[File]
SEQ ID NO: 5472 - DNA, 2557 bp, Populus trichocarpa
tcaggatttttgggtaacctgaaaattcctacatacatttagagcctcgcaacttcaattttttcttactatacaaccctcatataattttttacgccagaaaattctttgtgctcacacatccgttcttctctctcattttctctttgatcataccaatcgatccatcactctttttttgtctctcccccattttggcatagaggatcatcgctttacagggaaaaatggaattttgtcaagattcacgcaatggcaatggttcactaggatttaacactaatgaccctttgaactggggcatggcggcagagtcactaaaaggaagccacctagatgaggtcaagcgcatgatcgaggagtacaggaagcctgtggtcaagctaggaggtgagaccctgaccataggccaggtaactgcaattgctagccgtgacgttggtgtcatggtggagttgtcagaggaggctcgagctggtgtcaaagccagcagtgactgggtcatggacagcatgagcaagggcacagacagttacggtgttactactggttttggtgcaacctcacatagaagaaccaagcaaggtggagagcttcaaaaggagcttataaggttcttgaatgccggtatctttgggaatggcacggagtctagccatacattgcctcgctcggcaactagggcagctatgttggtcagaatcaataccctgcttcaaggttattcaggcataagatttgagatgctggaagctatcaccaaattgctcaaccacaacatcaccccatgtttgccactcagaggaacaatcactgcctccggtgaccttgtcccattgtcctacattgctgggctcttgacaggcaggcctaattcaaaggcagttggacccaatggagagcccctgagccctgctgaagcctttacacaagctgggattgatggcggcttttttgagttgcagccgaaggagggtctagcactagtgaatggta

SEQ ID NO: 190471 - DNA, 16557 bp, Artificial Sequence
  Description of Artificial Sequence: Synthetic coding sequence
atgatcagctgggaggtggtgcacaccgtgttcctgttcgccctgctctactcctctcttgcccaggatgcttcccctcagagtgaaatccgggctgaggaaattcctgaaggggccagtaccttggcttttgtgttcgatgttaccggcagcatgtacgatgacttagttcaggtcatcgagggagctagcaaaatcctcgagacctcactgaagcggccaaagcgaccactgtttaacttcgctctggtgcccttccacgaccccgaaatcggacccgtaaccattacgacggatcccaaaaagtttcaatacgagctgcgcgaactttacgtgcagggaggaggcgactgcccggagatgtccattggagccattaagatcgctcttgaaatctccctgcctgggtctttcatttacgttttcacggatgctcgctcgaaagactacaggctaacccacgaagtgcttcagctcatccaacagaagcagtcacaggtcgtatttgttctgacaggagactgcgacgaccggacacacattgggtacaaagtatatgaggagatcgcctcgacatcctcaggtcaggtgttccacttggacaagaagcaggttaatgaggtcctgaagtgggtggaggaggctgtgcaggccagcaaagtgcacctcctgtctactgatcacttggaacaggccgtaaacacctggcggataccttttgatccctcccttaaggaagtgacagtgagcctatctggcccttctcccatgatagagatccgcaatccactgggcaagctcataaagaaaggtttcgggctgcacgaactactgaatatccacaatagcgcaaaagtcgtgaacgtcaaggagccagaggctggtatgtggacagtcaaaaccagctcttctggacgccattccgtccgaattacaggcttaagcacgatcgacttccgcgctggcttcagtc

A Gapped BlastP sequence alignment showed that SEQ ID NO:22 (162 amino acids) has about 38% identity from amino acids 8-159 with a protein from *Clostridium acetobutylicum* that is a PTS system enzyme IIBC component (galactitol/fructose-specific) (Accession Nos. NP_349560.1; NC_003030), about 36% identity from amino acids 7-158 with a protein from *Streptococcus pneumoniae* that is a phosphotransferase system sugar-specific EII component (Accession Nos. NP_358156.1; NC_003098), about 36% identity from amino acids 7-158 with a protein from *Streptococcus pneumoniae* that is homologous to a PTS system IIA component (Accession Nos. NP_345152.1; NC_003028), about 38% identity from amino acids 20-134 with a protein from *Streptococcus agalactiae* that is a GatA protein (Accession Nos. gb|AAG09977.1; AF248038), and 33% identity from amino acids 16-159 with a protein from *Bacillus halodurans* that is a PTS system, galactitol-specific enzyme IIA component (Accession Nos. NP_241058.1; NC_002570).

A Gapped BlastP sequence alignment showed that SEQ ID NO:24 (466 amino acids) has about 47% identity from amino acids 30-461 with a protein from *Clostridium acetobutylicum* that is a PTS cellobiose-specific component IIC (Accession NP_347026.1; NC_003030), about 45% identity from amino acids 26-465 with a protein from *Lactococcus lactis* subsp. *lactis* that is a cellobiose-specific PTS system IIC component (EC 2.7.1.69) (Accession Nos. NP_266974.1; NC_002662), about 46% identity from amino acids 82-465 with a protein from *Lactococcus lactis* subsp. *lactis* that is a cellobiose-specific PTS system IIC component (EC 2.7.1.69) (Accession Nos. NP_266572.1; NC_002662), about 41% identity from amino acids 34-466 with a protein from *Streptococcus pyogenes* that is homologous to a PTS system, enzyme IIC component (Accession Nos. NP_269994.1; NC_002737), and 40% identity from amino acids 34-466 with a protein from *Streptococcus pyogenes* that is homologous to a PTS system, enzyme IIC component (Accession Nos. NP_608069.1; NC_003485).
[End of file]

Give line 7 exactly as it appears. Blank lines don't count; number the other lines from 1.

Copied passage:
A Gapped BlastP sequence alignment showed that SEQ ID NO:24 (466 amino acids) has about 47% identity from amino acids 30-461 with a protein from *Clostridium acetobutylicum* that is a PTS cellobiose-specific component IIC (Accession NP_347026.1; NC_003030), about 45% identity from amino acids 26-465 with a protein from *Lactococcus lactis* subsp. *lactis* that is a cellobiose-specific PTS system IIC component (EC 2.7.1.69) (Accession Nos. NP_266974.1; NC_002662), about 46% identity from amino acids 82-465 with a protein from *Lactococcus lactis* subsp. *lactis* that is a cellobiose-specific PTS system IIC component (EC 2.7.1.69) (Accession Nos. NP_266572.1; NC_002662), about 41% identity from amino acids 34-466 with a protein from *Streptococcus pyogenes* that is homologous to a PTS system, enzyme IIC component (Accession Nos. NP_269994.1; NC_002737), and 40% identity from amino acids 34-466 with a protein from *Streptococcus pyogenes* that is homologous to a PTS system, enzyme IIC component (Accession Nos. NP_608069.1; NC_003485).